The Record Crowds

Last year, the speedway recorded its highest average attendance (81,941) since the 2007 season and the second-highest average attendance (80,845) in over 60 years. And this year, so far, the crowds have been even bigger, with more than 83,000 tickets sold for the first five races, including the popular Daytona 500 and the popular Michigan race, the latter of which was attended by more than 96,000 people.

Those are some impressive numbers, especially when you consider that the average ticket price for each of those races was around $250. The only comparable numbers that come close are the 2006 and 2007 seasons, which is probably due to the fact that those were the two best seasons for NASCAR in recent history. In fact, the only other comparable season was the 1955 season, which had an average attendance of 72,000. The track also saw record-breaking crowds in 1934, 1935, and 1937, which indicates that, while it hasn’t always been popular, over the last 76 years, the speedway has always attracted sizeable audiences.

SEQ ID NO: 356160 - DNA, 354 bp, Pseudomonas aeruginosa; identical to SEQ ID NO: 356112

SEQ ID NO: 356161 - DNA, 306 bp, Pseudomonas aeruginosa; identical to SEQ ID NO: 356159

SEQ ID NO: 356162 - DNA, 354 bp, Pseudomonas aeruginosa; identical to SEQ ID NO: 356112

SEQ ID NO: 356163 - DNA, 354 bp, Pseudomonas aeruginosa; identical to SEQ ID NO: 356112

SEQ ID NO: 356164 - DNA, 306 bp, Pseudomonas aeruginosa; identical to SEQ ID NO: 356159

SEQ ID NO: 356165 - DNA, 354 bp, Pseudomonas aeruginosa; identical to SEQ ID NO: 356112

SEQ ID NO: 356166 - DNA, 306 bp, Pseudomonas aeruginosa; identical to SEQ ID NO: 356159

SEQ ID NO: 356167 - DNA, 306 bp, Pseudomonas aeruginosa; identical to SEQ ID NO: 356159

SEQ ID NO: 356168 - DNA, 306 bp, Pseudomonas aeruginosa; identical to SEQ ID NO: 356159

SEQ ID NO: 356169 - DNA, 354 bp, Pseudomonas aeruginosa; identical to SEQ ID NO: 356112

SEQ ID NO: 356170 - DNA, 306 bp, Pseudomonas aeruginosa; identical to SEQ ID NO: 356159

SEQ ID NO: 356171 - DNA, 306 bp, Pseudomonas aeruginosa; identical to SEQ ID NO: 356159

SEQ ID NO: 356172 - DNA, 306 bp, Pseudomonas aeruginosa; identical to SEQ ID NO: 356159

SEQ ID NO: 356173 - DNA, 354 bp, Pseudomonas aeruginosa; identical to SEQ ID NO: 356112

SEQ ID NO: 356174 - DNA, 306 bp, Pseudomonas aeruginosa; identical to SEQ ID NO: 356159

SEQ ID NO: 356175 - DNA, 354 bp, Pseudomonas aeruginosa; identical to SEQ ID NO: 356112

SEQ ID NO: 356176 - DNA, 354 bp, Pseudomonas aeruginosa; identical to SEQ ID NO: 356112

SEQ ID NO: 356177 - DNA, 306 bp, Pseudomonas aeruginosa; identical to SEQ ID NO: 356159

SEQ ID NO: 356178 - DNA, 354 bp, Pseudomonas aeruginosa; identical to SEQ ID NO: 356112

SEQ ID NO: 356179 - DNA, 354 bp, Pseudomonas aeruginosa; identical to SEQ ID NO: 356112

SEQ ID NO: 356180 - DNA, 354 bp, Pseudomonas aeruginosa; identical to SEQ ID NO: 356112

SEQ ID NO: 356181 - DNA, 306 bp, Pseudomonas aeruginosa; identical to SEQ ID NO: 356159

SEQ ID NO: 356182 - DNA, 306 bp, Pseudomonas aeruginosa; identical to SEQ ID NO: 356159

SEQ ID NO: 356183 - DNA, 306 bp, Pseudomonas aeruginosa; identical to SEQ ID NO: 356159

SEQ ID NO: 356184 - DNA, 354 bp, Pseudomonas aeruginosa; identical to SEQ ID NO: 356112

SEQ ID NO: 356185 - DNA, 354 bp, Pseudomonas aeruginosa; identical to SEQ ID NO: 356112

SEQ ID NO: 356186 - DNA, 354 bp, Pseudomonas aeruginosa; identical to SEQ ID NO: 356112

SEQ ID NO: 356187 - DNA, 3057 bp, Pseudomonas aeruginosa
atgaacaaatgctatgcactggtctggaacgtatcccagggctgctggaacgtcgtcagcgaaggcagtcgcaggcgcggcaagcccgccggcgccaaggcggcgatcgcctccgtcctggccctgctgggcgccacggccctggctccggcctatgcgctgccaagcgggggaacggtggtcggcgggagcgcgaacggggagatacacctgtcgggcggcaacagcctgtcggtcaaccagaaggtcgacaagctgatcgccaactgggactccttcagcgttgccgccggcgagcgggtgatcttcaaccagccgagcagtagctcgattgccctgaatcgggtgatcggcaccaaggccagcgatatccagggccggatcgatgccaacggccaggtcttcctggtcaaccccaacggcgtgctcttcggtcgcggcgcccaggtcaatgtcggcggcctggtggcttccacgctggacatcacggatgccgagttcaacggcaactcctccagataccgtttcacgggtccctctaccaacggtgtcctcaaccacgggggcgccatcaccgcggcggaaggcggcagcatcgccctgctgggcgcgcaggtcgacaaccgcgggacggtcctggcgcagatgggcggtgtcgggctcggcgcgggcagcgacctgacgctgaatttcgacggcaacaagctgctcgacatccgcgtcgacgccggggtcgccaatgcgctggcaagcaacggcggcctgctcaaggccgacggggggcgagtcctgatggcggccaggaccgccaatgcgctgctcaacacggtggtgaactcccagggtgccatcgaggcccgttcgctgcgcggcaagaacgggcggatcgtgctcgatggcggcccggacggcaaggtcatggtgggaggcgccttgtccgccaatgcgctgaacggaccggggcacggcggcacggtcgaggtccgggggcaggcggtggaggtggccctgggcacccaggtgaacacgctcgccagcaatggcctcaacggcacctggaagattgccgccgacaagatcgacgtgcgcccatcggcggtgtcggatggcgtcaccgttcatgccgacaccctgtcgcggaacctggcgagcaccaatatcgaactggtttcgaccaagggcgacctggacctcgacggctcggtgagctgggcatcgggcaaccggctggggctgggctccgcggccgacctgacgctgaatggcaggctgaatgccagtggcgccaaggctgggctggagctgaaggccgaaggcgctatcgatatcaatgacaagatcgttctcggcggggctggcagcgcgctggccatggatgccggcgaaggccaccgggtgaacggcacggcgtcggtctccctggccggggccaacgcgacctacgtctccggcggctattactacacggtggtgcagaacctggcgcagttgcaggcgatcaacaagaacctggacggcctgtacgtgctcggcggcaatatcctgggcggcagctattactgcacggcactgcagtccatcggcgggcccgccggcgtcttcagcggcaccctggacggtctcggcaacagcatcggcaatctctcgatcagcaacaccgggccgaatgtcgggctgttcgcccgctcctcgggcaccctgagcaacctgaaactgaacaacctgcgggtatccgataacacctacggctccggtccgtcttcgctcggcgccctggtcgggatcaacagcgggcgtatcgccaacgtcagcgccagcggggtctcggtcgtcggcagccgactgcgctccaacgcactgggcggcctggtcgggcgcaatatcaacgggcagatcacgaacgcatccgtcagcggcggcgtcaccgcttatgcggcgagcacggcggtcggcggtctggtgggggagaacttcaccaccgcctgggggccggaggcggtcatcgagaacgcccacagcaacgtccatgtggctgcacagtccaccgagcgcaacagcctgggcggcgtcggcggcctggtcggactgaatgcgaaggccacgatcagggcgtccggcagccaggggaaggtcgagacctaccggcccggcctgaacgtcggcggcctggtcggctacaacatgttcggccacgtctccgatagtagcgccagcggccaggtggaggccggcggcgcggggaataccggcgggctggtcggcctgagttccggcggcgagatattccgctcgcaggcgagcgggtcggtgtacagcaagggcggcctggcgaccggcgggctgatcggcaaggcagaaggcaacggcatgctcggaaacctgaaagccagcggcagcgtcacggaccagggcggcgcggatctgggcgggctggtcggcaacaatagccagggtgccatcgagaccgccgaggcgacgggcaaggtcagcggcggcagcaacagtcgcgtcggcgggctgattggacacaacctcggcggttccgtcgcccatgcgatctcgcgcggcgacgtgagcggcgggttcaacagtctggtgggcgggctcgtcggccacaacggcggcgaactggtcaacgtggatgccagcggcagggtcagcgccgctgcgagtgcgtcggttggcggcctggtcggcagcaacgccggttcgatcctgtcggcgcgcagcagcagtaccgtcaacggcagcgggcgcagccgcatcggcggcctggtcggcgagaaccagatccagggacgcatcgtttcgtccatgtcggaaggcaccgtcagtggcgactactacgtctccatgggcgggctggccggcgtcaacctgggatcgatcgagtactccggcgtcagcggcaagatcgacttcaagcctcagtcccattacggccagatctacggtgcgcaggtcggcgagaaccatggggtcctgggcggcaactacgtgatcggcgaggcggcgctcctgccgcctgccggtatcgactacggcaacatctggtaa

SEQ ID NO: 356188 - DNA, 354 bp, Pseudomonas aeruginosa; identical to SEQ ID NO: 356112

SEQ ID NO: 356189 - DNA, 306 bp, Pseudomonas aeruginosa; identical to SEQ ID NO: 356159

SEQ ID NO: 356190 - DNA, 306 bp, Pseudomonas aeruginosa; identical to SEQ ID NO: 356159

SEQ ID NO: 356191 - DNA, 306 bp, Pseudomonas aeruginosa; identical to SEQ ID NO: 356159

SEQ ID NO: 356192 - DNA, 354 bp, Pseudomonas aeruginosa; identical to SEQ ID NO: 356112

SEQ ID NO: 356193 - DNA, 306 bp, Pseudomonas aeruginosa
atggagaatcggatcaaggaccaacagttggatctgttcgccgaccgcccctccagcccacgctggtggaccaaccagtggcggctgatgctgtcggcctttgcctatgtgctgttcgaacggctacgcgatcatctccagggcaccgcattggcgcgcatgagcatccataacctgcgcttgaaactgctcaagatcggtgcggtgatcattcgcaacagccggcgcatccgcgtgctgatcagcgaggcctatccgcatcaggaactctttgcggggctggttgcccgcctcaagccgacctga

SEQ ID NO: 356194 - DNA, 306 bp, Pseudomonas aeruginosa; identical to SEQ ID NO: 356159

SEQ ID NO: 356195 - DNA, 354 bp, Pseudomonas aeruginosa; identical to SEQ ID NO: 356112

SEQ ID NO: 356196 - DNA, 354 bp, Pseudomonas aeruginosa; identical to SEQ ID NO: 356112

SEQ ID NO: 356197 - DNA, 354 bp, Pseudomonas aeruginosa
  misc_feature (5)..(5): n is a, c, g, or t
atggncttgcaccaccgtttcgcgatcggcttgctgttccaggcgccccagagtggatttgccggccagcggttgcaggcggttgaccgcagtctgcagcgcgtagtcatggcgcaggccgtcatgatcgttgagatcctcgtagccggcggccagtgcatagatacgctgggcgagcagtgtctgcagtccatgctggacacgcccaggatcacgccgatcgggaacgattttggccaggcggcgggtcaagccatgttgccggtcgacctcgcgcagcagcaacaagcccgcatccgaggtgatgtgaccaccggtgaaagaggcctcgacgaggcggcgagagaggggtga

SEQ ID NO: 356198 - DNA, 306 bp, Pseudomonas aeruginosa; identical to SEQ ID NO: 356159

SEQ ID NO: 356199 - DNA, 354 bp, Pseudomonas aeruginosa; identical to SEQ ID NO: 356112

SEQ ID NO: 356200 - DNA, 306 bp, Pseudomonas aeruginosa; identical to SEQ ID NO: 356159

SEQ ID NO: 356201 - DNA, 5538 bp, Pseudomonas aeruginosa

The Haas Family

One of the biggest reasons why the attendance figures are up is due to the fact that the speedway has been owned by a dynasty for generations. The Haas family has been instrumental in making the track what it is today, with patriarch Roger Haas paying for most of the original construction in cash. (He was apparently a fan of fast cars.) The track is named after him, and it’s been passed down through four generations of Haas family members, with current owners Estelle and Jerry Haas having taken it over in 2013. And for years, the track has been known for its loyal following and large family gatherings, with Saturday nights often resembling Grand Prix events, with cars parked on the surrounding roads and hundreds of spectators packed inside the gates. The noise dies down as the sun goes down, with many fans staying after the race to catch a free concert or a firefly-lit walk to the nearby river. Sunday mornings are often filled with church bells, with the smell of hot coffee wafting through the air as people meet for a fresh cup.